MSU officials plan on providing diversity training on Islam-related subjects to interested members of the university in response to an e-mail an MSU professor sent to the Muslim Students’ Association, or MSA, in February.

The initial request for the training came from the Michigan chapter of the Council on American-Islamic Relations, or CAIR, after Indrek Wichman, a mechanical engineering professor, wrote an e-mail to the group in response to controversial cartoons that portrayed Muhammad, the prophet and founder of the Islamic religion, as a terrorist.

In the e-mail, Wichman insisted that Muslims should return to their ancestral homeland if they don’t “like the values of the West.” He also generalized them as “dissatisfied, aggressive, brutal, and uncivilized slave-trading Moslems.”

“As a tenured professor who literally can influence the academic future of Muslims, we felt that the statements were inappropriate and can intimidate Muslim students of the engineering school,” said CAIR Executive Director Dawud Walid. . .

The MSA and MSU administrators worked together to organize diversity training for MSU faculty, staff and students. The meetings won’t be mandatory for anyone, but both organizing parties are hoping the topics discussed will attract a wide range of people, said Paulette Granberry Russell, senior adviser to the president for diversity and director of the Office for Affirmative Action Compliance and Monitoring for MSU . . .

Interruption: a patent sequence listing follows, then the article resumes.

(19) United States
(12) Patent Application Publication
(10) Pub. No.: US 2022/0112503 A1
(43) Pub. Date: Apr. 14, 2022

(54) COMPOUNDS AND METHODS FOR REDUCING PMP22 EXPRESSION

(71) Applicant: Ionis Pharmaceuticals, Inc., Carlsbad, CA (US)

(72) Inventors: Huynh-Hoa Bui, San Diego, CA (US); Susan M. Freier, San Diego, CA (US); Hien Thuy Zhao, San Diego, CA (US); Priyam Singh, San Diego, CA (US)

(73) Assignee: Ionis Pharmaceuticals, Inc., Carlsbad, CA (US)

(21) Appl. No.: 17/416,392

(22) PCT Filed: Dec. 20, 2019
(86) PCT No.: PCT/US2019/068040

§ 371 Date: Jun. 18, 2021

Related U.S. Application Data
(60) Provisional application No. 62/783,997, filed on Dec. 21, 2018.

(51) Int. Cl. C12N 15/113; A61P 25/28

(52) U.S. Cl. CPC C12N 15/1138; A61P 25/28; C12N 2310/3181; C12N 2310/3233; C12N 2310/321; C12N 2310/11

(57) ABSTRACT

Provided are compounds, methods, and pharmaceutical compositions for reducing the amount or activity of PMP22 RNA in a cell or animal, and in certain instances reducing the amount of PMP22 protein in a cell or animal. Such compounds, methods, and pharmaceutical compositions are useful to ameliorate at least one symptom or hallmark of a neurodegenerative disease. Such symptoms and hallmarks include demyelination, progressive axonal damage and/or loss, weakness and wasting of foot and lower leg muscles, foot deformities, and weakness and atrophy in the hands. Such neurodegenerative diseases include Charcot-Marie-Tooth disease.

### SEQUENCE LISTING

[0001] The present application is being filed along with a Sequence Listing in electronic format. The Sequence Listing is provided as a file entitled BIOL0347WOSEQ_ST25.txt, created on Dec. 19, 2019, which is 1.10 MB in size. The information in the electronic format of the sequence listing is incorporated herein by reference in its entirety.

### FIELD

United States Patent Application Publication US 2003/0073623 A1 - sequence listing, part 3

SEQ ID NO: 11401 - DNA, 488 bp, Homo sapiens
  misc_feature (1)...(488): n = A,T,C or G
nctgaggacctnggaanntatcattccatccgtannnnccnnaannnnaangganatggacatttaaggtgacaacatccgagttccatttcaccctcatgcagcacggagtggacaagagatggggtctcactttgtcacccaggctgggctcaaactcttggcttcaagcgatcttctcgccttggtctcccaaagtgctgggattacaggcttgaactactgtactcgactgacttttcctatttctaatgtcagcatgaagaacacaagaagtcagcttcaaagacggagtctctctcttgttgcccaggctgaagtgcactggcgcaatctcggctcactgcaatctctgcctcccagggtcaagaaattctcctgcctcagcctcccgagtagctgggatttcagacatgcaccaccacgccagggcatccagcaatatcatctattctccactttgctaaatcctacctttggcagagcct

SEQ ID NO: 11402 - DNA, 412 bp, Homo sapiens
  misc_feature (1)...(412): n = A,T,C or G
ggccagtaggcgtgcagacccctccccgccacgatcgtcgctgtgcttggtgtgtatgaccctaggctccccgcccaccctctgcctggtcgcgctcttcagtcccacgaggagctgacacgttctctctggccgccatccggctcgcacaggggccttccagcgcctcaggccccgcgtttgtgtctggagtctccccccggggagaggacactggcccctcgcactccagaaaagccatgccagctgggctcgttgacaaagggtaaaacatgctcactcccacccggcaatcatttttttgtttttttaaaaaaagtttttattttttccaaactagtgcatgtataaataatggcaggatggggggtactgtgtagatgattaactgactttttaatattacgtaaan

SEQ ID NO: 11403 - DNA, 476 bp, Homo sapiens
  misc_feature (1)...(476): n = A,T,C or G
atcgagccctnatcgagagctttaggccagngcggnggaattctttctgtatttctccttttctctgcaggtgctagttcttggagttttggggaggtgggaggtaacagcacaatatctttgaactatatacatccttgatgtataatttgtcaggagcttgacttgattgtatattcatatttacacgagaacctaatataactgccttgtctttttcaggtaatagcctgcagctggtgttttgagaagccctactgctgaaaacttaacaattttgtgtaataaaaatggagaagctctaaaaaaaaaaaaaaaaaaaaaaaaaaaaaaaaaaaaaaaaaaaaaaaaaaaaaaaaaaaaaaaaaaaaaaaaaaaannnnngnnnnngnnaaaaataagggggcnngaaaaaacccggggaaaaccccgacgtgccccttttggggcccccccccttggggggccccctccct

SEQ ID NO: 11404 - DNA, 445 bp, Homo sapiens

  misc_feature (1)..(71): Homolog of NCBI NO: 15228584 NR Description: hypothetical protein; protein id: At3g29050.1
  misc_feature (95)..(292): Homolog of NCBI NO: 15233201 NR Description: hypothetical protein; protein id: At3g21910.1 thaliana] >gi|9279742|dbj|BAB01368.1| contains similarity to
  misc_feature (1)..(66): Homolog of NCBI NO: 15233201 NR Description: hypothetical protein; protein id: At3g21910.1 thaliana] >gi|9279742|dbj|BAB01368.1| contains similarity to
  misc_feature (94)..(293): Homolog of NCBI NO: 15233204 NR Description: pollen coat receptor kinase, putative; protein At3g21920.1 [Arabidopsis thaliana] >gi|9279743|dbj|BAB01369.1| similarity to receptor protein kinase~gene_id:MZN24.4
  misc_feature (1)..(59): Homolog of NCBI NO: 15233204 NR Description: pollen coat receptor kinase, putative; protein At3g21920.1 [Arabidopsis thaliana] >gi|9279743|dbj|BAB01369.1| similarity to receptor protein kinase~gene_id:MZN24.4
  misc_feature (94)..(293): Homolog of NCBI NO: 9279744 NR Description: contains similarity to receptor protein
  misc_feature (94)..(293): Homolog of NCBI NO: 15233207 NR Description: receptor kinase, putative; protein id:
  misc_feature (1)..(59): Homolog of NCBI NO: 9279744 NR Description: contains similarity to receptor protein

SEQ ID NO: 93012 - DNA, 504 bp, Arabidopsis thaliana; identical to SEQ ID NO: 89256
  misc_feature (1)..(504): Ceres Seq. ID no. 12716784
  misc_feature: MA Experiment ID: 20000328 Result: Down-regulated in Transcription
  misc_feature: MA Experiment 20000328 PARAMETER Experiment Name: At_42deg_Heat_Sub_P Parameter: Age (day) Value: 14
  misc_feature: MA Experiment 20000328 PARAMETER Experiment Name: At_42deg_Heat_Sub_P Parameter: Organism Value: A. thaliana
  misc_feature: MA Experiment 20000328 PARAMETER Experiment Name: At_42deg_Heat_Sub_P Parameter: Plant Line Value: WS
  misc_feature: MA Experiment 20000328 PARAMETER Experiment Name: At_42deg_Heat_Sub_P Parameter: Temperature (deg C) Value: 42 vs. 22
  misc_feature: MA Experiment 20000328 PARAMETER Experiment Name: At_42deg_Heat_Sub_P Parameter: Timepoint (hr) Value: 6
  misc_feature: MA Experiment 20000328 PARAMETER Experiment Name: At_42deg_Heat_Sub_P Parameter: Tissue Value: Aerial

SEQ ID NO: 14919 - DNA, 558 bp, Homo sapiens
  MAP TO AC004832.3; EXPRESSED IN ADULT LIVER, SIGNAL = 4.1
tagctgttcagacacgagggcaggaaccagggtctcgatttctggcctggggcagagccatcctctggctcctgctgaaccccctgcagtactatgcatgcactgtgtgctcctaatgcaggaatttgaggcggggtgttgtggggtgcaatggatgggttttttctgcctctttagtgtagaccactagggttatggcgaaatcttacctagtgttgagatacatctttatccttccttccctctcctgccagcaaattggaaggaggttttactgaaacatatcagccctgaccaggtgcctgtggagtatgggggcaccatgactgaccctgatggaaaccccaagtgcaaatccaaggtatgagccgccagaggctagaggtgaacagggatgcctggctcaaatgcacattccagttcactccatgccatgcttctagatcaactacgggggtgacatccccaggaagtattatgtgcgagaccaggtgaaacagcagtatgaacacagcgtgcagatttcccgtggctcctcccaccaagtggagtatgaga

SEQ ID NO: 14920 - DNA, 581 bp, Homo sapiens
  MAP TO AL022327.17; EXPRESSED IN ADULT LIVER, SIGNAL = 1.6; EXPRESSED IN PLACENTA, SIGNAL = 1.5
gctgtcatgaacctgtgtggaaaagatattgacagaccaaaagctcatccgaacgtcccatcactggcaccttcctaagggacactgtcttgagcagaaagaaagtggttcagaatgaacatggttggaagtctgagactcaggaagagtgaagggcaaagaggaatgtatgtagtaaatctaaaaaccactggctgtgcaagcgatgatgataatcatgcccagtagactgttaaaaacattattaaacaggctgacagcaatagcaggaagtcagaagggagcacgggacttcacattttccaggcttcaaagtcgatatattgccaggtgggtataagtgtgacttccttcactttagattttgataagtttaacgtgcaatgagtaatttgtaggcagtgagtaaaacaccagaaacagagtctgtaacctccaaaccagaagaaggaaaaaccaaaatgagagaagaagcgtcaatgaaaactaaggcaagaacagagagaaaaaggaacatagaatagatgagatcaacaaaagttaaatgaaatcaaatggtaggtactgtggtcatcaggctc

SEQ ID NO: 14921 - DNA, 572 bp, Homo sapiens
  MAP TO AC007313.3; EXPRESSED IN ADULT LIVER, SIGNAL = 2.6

“The MSA calls it diversity training, but that’s not a good name for it,” Granberry Russell said. “They are educational opportunities. Some of their concerns extend beyond a one- or two-day training seminar.”

Both MSU and the MSA hope these programs will create a better understanding of Muslims by providing those who attend the classes with a better education of Islam, Walid said.

“We have a saying in our religion that people are the enemy of that which they don’t know,” Walid said. “So we’re hoping that some professors who may have uneasy feelings about Muslims and carry those feelings into the classroom can have some of those feelings abated.”


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